Fast fashion brands have been around for decades, but they have suddenly found themselves in the spotlight. The rock bottom prices of brands such as Chinese online retailer Shein – whose items cost, on average, less than $8 a piece – have got the public asking questions. The human implications of fast fashion have been widely discussed, but its impact on the planet is staggering too. What are the main reasons for this? Why is fast fashion bad for the environment?
Firstly, what is fast fashion?
Fast fashion brands are so-called due to the speed at which they can design clothes and bring them to market. Catwalk-inspired designs (and more regular apparel) can be manufactured for the masses at affordable prices in a matter of weeks. Most fast fashion retailers do not just have one collection per season – they are constantly releasing new items. Shein, the most extreme example, adds 6000 (yes, six thousand!) items to its range every single day.
Why is fast fashion bad for the environment?
It is often seen as ‘disposable’
Although not always the case, fast fashion is often associated with cheaper prices. Shein, of course, being a prime example. This is great news for consumers – rotating their wardrobe doesn’t cost the earth – but it is a bit of a disaster in terms of the environment. Rather than investing in fewer, quality items and outfits, fast fashion encourages consumers to continuously keep up-to-date with new fashion trends. As a result, massive amounts of textile waste is created which typically ends up in landfill. Every year, on average, each American throws 80 pounds of clothing in the trash. Fast fashion brands contribute to this largely since they are regarded by many consumers as being disposable.
Synthetic materials used to keep prices low
To keep prices down, fast fashion brands often opt for a high proportion of synthetic materials, such as nylon and polyester, in their garments. Polyester, for example, is one of the cheapest materials out there – perfect for fast fashion brands to churn out items at a reasonable price. Synthetic materials often come with significant environmental impacts. They are largely derived from oil, a type of fossil fuel. Fossil fuels are, of course, non-renewable and even just extracting them can cause wide-ranging damage to the environment.
A further issue with synthetic materials is that they are, unfortunately, not biodegradable. Natural materials can, essentially, return to nature – in the right conditions they can be broken down naturally by micro-organisms such as bacteria. Synthetic materials, on the other hand, can persist in landfill for many years – sometimes even centuries. Or worse still, in the ocean causing havoc for marine species.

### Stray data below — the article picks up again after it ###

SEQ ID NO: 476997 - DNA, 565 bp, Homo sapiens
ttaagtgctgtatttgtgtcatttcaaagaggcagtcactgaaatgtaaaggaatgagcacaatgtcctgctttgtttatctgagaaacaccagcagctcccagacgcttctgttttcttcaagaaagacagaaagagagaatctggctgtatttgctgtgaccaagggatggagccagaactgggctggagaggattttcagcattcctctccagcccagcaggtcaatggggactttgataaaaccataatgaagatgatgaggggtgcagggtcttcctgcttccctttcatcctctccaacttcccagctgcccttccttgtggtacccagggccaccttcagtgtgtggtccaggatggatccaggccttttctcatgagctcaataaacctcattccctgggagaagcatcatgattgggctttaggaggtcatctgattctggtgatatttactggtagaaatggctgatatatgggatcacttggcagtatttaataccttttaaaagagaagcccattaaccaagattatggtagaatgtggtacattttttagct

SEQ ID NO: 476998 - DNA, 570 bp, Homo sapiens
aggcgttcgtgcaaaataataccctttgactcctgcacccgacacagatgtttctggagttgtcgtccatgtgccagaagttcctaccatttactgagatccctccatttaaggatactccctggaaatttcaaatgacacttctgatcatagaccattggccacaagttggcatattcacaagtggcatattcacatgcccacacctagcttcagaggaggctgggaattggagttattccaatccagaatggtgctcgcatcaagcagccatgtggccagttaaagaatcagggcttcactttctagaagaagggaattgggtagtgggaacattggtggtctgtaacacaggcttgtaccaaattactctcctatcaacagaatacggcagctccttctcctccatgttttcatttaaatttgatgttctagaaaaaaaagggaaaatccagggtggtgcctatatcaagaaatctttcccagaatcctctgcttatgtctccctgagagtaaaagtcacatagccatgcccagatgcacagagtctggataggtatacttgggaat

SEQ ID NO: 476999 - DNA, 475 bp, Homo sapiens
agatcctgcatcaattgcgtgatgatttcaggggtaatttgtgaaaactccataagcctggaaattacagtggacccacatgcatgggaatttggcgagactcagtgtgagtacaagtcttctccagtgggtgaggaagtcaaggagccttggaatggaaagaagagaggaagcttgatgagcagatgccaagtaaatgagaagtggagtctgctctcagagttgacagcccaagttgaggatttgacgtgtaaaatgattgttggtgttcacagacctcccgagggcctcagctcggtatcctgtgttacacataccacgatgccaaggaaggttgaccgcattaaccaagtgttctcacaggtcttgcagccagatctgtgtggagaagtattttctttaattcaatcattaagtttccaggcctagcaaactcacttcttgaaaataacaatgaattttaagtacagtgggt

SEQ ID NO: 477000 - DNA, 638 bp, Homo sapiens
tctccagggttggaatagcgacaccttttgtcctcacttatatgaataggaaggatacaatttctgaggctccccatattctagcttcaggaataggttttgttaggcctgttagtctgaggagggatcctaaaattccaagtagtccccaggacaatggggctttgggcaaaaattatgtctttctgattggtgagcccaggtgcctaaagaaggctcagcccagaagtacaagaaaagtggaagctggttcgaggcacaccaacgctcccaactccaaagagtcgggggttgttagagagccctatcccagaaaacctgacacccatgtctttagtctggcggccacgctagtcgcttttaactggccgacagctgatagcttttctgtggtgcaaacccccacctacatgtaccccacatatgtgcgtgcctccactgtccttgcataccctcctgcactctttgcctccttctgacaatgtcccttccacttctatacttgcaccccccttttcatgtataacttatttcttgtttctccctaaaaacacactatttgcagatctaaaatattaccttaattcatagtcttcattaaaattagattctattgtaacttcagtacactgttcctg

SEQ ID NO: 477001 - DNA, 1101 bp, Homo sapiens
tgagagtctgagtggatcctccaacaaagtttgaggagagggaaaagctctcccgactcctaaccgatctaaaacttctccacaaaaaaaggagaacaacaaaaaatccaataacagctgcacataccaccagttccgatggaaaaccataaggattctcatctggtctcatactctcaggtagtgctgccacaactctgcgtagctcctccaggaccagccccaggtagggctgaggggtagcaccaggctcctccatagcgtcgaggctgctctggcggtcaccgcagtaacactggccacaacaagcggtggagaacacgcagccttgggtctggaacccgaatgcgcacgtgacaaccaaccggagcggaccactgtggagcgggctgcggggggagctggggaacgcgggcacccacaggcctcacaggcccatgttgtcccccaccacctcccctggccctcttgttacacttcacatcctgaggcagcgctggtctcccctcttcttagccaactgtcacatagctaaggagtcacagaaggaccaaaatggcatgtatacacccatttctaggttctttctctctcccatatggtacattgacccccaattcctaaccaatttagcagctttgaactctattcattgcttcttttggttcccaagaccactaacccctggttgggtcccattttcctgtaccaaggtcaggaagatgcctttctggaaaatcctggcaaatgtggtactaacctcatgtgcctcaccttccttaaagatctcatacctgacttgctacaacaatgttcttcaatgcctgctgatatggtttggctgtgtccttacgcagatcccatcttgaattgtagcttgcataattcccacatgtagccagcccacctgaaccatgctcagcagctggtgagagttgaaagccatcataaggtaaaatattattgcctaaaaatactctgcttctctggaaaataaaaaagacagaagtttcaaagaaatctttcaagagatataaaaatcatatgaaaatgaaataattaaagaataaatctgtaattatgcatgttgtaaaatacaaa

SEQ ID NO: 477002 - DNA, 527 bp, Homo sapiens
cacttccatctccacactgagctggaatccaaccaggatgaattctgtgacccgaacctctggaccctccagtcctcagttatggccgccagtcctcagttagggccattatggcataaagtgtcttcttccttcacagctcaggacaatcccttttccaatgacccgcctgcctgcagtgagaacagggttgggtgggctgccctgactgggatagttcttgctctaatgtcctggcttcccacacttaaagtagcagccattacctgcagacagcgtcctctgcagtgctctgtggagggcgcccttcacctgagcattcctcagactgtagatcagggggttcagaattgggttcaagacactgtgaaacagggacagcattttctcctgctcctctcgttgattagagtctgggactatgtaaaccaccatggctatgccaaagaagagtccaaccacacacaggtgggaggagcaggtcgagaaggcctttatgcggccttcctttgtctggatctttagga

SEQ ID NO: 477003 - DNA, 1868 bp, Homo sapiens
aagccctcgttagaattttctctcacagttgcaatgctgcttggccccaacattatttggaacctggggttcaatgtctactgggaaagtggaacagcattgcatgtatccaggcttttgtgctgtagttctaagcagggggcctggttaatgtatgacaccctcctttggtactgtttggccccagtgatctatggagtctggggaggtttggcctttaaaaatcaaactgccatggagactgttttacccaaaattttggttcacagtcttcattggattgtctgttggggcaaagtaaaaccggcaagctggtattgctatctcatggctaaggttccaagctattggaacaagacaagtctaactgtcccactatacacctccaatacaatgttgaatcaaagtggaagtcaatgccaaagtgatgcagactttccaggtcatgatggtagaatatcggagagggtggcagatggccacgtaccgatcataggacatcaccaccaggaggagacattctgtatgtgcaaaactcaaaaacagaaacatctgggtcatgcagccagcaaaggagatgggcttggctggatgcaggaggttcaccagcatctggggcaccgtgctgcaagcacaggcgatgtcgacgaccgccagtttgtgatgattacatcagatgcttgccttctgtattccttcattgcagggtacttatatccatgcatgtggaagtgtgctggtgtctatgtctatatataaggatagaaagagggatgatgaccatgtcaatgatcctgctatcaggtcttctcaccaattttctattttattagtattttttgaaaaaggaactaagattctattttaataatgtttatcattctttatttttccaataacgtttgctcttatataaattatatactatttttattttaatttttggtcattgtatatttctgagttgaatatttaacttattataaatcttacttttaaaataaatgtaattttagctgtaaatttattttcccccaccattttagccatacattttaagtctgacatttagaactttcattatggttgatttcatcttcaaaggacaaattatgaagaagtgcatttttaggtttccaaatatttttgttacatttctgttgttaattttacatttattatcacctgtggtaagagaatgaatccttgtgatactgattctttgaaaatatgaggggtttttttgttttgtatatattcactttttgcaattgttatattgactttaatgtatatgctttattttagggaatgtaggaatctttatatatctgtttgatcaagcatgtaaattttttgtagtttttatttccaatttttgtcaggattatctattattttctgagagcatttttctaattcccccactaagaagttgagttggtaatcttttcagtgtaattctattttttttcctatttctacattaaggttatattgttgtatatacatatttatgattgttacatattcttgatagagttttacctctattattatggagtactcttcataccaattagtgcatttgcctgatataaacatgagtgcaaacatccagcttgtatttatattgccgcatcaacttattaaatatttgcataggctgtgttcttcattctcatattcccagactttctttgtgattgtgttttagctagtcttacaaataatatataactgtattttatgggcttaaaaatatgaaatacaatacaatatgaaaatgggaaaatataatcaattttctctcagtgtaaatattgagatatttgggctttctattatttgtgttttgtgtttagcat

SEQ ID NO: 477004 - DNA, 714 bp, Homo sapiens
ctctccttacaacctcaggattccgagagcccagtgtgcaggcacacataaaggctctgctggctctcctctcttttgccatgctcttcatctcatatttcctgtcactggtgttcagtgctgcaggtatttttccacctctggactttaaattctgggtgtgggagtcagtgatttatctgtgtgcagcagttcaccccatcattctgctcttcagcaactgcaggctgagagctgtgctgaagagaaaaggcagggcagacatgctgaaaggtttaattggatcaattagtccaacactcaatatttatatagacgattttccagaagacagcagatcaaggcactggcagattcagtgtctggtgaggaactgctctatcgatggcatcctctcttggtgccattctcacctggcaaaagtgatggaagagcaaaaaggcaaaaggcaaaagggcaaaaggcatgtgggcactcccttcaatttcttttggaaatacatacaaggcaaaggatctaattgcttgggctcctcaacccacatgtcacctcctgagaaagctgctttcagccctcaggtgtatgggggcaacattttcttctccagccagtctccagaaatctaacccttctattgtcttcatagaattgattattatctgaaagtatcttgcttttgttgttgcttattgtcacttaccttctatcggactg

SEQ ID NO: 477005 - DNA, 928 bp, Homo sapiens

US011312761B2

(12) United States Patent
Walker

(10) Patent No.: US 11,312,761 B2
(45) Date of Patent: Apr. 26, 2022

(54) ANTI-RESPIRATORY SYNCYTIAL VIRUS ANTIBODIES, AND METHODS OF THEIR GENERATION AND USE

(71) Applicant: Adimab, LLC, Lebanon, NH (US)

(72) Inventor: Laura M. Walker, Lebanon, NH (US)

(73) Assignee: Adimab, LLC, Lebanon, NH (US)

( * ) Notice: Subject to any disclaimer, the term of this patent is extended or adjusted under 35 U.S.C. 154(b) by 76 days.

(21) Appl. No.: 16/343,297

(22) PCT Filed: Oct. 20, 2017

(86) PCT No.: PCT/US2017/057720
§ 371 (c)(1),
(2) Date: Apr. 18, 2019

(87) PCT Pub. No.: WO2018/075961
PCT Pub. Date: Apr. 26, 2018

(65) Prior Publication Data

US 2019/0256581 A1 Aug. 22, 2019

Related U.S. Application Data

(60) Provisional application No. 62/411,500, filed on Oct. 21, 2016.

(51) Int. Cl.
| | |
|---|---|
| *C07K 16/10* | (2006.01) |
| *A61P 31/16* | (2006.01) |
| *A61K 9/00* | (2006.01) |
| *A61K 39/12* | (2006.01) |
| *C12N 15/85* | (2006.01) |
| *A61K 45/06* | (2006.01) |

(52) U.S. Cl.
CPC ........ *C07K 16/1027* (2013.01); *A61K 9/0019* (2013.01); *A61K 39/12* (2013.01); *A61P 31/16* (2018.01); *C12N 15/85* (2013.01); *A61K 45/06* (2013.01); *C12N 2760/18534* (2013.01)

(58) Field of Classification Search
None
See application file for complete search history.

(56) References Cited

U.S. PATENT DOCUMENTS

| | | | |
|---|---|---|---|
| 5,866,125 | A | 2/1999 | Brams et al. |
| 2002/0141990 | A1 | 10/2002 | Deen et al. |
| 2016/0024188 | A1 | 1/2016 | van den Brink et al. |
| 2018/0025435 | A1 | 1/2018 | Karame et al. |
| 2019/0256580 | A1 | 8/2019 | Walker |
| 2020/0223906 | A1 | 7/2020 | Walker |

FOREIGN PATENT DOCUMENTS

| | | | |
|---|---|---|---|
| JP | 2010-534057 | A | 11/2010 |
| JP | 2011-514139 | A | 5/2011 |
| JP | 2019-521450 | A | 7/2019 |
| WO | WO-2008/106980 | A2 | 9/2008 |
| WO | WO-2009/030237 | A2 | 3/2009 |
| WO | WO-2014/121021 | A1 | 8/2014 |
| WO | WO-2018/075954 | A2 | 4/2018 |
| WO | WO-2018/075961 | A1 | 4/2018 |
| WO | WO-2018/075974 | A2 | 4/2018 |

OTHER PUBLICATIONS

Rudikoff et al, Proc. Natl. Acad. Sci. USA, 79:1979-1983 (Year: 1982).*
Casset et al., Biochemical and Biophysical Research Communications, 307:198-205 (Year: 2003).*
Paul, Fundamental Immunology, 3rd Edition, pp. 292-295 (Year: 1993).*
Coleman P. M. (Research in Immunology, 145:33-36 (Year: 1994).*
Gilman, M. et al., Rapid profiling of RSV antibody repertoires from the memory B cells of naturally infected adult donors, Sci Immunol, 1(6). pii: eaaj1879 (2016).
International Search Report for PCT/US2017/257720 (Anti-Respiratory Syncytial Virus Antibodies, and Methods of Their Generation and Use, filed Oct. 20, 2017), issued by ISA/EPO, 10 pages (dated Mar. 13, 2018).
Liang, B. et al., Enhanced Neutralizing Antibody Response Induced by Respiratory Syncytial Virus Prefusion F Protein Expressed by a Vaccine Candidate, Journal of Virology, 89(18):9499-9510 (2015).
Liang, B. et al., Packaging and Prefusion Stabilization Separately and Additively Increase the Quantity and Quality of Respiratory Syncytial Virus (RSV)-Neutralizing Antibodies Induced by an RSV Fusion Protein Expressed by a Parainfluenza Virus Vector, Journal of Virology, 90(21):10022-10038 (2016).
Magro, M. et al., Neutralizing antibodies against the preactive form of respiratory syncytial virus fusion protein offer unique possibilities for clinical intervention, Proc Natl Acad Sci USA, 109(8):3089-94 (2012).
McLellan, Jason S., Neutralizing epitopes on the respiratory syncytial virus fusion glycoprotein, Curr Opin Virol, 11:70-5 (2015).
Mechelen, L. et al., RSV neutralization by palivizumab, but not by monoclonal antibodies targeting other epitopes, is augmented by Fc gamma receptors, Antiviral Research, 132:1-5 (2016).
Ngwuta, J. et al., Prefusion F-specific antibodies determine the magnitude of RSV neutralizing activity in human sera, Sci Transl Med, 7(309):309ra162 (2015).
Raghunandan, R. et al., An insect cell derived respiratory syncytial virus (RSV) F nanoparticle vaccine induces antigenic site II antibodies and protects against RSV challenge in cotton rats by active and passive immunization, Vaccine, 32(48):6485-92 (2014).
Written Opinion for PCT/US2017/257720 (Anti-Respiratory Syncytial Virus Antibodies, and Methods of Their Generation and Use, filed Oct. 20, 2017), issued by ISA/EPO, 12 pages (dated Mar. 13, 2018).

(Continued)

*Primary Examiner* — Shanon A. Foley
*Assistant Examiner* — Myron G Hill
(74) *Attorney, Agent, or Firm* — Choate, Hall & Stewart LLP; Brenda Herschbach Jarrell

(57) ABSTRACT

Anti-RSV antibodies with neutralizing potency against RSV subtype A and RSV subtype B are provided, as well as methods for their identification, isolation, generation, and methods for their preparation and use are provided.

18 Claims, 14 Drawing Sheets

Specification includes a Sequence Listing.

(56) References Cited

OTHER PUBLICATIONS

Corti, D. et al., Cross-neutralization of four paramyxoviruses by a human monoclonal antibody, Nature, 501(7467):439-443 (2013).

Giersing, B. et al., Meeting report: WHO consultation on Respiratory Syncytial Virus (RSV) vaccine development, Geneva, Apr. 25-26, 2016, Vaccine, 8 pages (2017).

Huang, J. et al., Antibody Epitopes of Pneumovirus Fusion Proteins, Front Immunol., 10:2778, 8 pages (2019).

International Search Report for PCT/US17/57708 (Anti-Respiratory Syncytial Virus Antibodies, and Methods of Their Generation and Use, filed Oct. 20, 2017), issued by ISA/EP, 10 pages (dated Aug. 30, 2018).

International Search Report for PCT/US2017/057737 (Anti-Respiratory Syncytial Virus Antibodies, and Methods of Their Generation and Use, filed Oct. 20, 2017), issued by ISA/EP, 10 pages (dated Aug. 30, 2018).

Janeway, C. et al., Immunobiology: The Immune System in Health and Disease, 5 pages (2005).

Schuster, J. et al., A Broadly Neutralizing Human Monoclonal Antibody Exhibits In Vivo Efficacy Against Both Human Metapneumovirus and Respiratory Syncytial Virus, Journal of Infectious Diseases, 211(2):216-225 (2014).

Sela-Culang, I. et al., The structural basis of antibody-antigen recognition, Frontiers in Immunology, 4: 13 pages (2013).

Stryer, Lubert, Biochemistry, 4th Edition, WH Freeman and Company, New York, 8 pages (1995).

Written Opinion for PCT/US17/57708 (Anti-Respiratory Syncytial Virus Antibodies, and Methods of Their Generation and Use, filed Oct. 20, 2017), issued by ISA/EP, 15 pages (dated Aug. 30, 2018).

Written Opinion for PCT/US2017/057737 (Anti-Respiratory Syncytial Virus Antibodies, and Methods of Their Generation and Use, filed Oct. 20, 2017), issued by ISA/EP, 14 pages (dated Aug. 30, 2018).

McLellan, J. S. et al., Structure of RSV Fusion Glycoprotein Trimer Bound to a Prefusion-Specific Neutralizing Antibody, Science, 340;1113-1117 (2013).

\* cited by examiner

Vast resources used in production
Resources such as energy and water are needed in production. Nylon, for example, uses a vast amount of energy during the manufacturing process – and although it will vary from factory to factory, many facilities will not opt for renewable energy. Water is also needed in large quantities, particularly in the fiber cooling stage.
In term of resources, natural fibers are not perfect either. Cotton, for example, needs a huge amount of water resources. It is estimated that it can take up to 3000 gallons of water to make a single t-shirt and a pair of jeans can require a whopping 10,000 to 20,000 gallons of water in production. Quite incredible figures. This diverts fresh water from eco-systems that may need it to thrive. The WWF predict that by 2025 two-thirds of the global population may face water shortages if we carry on using water the way we do currently. The conventional production of cotton contributes significantly to this concerning prediction.
Pollution occurs at different parts of a garments journey – from manufacturing to laundering. Every part of the chain has potential to pollute the planet. Practices between factories vary significantly, but the fashion industry is heavily associated water pollution. Lots of chemicals are associated with clothes production and these are often pumped out into local waterways.
One of the main pollutions associated with fast fashion is plastic pollution due to the amount of synthetics used. The breathability (or lack of…) of some synthetic materials means that they may end up in the laundry pile after one use. And every time a plastic-based material, such as polyester, is washed it releases tiny microfibers into the water system. Although some of these can be filtered out by the water treatment plants, around 40% end up in rivers, lakes and the ocean. Worryingly, these can, ultimately, end up on our dinner plates…
The bottom line
Fast fashion, in many ways, is great for the consumer. Up-to-date outfits at reasonable prices – what’s not to like? However, its effect on the environment is huge. From supporting the fossil fuel industry to microplastics being introduced into our waterways. And to make matters worse, many garments are synthetic and non-biodegradable. All the polyester clothes thrown in the trash will, most likely, still be in landfill. Our advice? Avoid where possible!